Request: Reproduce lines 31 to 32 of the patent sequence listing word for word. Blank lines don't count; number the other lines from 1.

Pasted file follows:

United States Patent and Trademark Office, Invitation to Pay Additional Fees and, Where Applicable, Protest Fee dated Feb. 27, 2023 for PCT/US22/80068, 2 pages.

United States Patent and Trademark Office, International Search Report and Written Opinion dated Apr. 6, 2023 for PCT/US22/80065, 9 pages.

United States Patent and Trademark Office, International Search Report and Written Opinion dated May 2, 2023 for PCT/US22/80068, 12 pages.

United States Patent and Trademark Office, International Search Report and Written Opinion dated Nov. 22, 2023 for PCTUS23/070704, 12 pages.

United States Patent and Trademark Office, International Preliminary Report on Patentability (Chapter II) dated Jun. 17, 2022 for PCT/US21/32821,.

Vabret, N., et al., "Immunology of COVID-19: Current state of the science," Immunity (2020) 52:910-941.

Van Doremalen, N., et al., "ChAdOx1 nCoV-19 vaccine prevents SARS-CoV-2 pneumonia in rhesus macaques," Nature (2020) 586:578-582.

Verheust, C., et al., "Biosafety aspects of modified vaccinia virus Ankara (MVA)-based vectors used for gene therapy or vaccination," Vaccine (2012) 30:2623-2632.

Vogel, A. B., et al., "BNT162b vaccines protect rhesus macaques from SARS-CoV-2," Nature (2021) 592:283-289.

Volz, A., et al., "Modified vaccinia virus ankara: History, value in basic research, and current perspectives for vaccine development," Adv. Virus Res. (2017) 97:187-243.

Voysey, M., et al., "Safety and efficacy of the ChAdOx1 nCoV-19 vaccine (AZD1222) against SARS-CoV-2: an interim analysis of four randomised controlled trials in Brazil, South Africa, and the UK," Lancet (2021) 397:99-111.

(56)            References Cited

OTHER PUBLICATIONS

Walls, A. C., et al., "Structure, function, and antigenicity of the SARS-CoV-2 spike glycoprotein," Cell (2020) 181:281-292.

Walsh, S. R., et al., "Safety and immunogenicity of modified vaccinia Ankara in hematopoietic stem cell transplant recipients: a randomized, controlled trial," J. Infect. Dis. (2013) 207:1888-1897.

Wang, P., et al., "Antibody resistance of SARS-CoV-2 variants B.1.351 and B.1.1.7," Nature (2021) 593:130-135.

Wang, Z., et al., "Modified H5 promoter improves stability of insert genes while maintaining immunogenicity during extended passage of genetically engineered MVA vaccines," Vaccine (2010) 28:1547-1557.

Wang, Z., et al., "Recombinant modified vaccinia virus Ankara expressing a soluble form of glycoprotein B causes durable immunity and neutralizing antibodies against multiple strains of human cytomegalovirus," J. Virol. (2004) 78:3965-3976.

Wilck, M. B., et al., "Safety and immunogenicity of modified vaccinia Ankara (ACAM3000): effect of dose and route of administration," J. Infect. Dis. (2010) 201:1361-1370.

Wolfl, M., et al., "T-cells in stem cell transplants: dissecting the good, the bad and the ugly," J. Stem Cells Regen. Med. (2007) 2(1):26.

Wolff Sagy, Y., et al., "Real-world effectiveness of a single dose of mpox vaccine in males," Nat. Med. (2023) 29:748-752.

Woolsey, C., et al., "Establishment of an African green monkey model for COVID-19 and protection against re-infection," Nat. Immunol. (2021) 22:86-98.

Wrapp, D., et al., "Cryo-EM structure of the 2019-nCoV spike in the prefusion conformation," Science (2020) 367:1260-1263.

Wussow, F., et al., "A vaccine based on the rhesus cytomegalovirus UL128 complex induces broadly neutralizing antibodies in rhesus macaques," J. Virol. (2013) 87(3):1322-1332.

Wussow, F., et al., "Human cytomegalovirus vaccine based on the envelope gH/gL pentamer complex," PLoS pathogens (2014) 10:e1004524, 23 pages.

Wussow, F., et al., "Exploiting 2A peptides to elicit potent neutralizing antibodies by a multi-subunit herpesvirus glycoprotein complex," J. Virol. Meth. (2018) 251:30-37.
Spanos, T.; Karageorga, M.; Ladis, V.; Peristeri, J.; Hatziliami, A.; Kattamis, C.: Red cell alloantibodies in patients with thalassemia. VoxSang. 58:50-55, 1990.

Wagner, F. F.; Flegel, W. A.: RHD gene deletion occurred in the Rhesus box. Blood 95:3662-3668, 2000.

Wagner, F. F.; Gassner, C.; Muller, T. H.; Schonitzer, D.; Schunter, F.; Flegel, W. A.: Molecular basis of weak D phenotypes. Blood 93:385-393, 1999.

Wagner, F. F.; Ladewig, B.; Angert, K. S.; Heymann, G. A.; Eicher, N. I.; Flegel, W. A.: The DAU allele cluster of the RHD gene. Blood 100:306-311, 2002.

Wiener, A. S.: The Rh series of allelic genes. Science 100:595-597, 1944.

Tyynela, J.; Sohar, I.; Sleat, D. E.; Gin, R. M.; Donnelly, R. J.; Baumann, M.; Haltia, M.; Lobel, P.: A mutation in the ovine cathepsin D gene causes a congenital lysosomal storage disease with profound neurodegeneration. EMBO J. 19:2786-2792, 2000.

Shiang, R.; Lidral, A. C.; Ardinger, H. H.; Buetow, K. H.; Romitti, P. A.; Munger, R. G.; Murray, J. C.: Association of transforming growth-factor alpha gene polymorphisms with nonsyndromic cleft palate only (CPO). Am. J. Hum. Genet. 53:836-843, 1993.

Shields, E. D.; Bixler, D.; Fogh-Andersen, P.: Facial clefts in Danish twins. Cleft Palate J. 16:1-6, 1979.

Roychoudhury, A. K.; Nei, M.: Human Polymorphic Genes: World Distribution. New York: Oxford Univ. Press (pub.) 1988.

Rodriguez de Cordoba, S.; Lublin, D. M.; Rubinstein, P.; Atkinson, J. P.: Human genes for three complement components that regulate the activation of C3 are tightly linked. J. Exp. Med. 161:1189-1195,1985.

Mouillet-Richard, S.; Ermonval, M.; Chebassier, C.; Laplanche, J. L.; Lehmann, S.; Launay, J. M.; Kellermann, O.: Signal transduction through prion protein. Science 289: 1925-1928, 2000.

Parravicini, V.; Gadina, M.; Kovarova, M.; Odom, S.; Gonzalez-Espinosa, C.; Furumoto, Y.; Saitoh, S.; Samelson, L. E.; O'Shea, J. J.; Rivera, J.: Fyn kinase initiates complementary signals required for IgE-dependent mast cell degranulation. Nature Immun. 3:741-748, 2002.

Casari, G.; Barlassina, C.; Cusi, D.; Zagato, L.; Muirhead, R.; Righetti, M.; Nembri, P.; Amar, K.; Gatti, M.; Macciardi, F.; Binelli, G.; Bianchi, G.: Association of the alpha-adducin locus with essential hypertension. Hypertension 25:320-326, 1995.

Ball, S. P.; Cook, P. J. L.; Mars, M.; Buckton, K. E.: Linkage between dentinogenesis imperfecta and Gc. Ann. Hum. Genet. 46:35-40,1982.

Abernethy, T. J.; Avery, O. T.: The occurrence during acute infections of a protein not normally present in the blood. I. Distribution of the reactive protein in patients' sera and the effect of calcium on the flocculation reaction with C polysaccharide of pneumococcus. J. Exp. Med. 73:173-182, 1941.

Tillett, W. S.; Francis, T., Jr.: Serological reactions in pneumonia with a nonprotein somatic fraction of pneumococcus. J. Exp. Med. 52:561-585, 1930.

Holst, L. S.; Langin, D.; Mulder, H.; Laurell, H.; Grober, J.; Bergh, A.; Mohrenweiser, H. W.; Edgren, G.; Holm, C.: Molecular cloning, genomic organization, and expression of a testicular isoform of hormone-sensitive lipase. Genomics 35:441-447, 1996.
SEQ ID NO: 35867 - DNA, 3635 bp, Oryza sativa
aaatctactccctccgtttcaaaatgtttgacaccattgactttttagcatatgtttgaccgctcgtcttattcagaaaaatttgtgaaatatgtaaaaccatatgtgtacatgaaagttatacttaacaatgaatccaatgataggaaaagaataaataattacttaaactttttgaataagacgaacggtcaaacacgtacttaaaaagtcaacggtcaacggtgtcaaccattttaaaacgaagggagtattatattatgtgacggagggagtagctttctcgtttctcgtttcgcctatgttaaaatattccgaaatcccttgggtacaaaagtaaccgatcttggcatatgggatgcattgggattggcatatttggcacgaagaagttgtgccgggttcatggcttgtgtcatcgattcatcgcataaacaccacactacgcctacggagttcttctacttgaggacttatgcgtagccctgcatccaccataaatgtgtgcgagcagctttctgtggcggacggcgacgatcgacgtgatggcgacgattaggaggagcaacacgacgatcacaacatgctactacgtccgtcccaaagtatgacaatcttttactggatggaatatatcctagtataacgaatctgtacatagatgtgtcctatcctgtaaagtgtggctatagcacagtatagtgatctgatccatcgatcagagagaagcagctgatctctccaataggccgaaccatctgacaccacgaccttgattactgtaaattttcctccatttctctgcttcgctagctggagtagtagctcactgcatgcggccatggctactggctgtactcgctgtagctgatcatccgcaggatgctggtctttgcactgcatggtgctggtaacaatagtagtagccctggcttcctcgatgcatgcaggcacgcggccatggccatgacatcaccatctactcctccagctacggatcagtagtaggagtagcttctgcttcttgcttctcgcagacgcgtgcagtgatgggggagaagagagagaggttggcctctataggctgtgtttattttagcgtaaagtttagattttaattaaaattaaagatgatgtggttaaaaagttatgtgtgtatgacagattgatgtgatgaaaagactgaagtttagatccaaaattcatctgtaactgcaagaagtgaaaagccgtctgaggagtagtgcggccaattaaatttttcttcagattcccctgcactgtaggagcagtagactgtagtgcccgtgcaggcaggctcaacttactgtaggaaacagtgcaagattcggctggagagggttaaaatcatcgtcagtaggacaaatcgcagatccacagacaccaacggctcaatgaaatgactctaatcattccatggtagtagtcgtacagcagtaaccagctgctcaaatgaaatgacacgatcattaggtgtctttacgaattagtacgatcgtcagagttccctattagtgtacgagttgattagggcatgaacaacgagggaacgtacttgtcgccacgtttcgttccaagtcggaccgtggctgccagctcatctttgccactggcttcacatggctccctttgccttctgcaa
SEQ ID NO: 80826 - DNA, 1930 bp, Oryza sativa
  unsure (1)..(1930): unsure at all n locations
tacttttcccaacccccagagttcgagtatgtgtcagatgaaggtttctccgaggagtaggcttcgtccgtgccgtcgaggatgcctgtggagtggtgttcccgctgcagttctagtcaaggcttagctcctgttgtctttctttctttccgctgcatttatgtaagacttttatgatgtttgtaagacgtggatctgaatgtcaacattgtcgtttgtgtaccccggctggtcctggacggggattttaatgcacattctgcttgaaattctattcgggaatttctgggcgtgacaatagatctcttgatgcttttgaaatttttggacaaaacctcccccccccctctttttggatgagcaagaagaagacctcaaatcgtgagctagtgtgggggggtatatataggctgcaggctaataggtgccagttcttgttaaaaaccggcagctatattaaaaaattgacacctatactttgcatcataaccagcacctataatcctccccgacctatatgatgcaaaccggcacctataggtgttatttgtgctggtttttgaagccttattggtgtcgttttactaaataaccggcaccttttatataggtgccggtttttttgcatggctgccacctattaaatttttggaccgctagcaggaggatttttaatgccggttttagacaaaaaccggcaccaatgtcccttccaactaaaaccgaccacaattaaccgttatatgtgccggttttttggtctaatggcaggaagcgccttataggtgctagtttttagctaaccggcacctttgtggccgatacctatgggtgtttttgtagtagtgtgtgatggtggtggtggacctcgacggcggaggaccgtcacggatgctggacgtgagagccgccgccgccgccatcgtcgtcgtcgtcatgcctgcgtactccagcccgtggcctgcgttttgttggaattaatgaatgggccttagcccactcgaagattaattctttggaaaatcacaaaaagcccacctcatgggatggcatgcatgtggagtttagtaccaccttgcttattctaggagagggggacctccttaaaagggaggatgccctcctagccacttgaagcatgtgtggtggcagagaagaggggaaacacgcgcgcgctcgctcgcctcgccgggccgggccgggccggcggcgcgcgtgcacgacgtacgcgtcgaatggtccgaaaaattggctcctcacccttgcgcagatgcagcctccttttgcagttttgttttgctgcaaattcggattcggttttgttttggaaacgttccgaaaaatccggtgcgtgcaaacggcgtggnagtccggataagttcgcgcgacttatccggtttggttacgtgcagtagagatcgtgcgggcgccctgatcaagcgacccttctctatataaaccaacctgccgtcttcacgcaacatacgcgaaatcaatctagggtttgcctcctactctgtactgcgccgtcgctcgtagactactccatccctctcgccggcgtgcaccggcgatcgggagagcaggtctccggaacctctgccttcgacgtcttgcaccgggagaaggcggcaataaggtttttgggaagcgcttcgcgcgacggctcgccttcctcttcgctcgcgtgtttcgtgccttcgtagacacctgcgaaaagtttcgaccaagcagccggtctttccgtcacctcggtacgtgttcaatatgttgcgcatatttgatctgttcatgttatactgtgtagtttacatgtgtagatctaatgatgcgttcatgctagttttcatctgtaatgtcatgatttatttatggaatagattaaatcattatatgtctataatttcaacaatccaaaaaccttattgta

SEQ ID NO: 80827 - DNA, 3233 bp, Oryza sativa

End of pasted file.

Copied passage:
Wiener, A. S.: The Rh series of allelic genes. Science 100:595-597, 1944.

Tyynela, J.; Sohar, I.; Sleat, D. E.; Gin, R. M.; Donnelly, R. J.; Baumann, M.; Haltia, M.; Lobel, P.: A mutation in the ovine cathepsin D gene causes a congenital lysosomal storage disease with profound neurodegeneration. EMBO J. 19:2786-2792, 2000.